Thin plasma polymerized layers of acrylic acid (PPAA) were deposited onto polyethylene and muscovite mica surfaces. Structure and surface properties of the deposited layer depend on the polymerization conditions. The content of carboxylic groups in the layer decreases, whereas the degree of crosslinking or branching increases, with increasing discharge power. A soft, sticky layer with a low contact angle against water is obtained when a low discharge power (5 W) is used. In contrast, a hard film with a rather high water contact angle is obtained when the discharge power is high (50 W). A surface force apparatus was employed to study some film properties including adhesion force, crack formation, and capillary condensation. The adhesion force between plasma polymerized acrylic acid layers prepared at a low discharge power is high in dry air. It decreases remarkably in humid air and no adhesion is observed in water. In dry air, the adhesion force between PPAA layers decreases as the discharge power increases.

1848. Cho, J.-S., W.-K. Choi, H.-J. Jung, and S.-K. Koh, “Effect of oxygen gas on polycarbonate surface in keV energy Ar+ ion irradiation,” J. Materials Research, 12, 277-282, (Jan 1997).

Ar+1 ion irradiation on a polycarbonate (PC) surface was carried out in an oxygen environment in order to investigate the effects of surface chemical reaction, surface morphology, and surface energy on wettability of PC. Doses of Ar+ ion were changed from 5 × 1014 to 5 × 1016 at 1 keV ion beam energy by a broad ion beam source. Contact angle of PC was not reduced much by Ar+ ion irradiation without flowing oxygen gas, but decreased significantly as Ar+ ion was irradiated with flowing 4 sccm (ml/min) oxygen gas and showed a minimum of 12° to water and 5° to formamide. A newly formed polar group was observed on the modified PC surface by Ar+ ion irradiation with flowing oxygen gas, and it increased the PC surface energy. On the basis of x-ray photoelectron spectroscopy analysis, the formed polar group was identified as a hydrophilic CDouble BondO bond (carbonyl group). In atomic force microscopy (AFM) study, the root mean square of surface roughness was changed from 14 Å to 22–27 Å by Ar+ ion irradiation without flowing oxygen gas and 26–30 Å by Ar+ ion irradiation with flowing 4 sccm oxygen gas. It was found that wettability of the modified PC surface was not greatly dependent on the surface morphology, but on an amount of hydrophilic group formed on the surface in the ion beam process.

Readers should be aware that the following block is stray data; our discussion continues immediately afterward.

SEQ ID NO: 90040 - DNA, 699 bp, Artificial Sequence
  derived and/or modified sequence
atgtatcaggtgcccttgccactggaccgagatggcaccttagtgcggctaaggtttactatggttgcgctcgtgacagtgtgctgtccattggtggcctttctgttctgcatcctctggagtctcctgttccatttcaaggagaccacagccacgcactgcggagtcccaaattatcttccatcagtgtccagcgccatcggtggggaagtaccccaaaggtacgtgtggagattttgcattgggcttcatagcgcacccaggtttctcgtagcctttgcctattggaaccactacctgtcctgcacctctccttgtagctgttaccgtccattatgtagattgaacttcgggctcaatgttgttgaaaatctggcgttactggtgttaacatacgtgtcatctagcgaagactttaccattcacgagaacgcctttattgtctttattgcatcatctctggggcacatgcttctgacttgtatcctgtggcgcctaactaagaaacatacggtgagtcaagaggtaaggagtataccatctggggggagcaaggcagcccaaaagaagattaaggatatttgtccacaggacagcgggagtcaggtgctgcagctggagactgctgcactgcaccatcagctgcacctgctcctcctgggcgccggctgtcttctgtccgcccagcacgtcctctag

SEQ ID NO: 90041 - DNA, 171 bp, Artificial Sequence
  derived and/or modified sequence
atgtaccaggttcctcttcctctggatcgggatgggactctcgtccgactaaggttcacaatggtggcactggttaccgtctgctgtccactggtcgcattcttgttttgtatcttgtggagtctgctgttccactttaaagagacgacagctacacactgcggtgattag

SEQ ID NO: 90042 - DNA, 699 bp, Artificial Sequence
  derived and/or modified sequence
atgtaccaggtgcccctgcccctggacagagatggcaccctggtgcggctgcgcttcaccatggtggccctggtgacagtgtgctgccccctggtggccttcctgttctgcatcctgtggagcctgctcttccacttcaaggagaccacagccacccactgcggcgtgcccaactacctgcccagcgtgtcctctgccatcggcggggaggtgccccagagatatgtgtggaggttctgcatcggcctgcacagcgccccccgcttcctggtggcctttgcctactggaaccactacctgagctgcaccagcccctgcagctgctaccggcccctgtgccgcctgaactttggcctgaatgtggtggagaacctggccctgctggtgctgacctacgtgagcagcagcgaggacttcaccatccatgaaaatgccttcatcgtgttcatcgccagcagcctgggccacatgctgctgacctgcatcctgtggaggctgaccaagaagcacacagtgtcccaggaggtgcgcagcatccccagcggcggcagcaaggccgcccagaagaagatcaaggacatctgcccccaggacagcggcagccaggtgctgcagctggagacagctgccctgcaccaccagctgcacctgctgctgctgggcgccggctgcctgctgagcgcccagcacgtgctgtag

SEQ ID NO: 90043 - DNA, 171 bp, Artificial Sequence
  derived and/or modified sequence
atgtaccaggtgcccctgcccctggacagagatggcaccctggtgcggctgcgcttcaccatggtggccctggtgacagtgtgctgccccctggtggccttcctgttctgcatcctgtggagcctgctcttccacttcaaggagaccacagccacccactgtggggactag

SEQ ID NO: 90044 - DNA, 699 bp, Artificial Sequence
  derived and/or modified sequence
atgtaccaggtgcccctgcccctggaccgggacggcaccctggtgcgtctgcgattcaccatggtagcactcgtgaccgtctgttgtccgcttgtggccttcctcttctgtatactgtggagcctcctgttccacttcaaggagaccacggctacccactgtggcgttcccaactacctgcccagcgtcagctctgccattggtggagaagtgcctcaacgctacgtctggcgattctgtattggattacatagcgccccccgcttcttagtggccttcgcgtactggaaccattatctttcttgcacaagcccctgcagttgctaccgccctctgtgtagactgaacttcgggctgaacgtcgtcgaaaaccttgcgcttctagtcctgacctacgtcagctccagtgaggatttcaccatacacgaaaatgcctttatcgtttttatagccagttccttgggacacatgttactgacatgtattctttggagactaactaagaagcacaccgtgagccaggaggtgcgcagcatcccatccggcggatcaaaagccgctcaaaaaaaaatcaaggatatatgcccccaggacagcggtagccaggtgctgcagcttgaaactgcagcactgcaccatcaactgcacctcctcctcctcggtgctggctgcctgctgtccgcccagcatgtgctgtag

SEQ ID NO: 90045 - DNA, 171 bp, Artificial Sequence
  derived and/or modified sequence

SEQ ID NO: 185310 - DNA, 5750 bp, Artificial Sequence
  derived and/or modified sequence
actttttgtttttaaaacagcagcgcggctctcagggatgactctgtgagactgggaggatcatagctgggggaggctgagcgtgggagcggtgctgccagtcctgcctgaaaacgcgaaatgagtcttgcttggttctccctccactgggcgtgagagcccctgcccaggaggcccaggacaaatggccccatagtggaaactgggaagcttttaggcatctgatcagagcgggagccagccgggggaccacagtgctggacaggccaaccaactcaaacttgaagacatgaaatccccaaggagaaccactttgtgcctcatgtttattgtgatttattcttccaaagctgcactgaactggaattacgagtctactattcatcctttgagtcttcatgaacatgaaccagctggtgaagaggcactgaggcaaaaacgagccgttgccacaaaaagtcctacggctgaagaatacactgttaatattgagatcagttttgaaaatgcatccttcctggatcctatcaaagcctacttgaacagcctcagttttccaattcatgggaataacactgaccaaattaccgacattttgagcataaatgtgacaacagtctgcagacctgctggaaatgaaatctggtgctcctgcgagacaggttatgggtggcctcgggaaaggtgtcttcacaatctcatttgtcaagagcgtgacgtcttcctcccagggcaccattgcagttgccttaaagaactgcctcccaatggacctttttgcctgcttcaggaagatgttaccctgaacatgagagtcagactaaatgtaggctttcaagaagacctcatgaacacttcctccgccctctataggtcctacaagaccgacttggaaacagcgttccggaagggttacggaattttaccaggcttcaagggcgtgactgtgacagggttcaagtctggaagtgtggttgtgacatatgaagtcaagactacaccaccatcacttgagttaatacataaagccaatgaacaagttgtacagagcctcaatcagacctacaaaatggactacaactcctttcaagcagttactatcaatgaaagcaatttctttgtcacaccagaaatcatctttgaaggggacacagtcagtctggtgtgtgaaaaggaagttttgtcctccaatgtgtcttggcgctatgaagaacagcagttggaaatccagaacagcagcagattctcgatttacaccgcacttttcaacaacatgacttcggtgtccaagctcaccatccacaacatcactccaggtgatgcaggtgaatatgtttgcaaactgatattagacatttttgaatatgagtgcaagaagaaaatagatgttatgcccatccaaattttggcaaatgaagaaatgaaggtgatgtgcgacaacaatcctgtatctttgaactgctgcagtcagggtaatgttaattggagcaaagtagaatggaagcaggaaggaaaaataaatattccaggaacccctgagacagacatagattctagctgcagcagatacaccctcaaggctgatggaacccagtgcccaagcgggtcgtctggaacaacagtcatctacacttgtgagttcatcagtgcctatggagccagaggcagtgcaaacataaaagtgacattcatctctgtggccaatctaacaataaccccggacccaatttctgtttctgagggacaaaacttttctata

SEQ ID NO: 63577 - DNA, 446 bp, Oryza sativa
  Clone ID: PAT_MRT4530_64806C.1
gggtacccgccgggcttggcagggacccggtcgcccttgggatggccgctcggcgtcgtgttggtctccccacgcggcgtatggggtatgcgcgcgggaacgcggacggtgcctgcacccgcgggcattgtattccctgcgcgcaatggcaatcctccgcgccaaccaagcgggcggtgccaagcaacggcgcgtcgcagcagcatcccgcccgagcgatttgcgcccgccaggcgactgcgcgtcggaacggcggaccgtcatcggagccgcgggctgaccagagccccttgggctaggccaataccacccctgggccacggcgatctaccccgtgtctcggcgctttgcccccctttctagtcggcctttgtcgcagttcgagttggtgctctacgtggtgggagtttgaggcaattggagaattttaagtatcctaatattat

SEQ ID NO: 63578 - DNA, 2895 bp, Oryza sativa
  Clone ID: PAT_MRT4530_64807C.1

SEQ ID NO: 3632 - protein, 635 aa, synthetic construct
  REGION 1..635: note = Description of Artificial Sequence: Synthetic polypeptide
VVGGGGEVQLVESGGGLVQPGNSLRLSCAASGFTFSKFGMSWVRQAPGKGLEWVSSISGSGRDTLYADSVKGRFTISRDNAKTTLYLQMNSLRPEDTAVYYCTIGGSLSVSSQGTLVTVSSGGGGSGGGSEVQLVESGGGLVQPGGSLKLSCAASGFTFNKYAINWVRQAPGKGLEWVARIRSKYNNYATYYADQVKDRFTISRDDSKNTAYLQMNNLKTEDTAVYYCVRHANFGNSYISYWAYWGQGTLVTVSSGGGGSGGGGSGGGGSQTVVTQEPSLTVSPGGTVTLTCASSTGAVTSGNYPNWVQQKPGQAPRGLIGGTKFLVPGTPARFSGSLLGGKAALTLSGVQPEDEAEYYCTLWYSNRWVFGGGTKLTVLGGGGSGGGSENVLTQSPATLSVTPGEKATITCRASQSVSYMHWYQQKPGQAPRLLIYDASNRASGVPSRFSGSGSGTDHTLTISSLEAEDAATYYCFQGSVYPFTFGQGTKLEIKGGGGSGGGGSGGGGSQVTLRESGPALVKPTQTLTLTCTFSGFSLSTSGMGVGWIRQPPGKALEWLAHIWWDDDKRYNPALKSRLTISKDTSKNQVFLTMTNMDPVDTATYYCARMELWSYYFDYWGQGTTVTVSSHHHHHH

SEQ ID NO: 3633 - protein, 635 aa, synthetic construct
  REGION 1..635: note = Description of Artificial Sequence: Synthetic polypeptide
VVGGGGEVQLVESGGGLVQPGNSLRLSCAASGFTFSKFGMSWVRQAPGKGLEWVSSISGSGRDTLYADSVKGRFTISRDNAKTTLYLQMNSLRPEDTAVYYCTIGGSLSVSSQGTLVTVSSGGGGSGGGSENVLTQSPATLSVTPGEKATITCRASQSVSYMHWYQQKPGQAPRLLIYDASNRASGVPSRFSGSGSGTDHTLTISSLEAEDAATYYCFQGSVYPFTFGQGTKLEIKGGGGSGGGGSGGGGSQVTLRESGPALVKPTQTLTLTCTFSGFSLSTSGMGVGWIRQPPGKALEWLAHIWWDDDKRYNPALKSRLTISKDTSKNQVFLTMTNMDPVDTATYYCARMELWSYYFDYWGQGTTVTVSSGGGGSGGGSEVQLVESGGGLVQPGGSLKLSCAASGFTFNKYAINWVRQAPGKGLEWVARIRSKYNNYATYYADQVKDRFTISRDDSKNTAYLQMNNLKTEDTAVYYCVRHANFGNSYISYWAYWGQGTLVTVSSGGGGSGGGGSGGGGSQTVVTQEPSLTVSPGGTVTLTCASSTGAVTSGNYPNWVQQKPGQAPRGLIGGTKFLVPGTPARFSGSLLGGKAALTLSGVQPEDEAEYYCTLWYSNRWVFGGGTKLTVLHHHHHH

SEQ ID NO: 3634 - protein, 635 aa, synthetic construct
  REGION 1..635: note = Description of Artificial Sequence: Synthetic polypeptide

801. Cho, J.-S., Y.-W. Beag, K.-H. Kim, S. Han, J. Cho, and S.-K. Koh, “High surface energy polymers obtained by bombardment with a keV ion beam in a reactive gas environment,” in Polymer Surface Modification: Relevance to Adhesion, Vol. 2, K.L. Mittal, ed., 393-408, VSP, Dec 2000.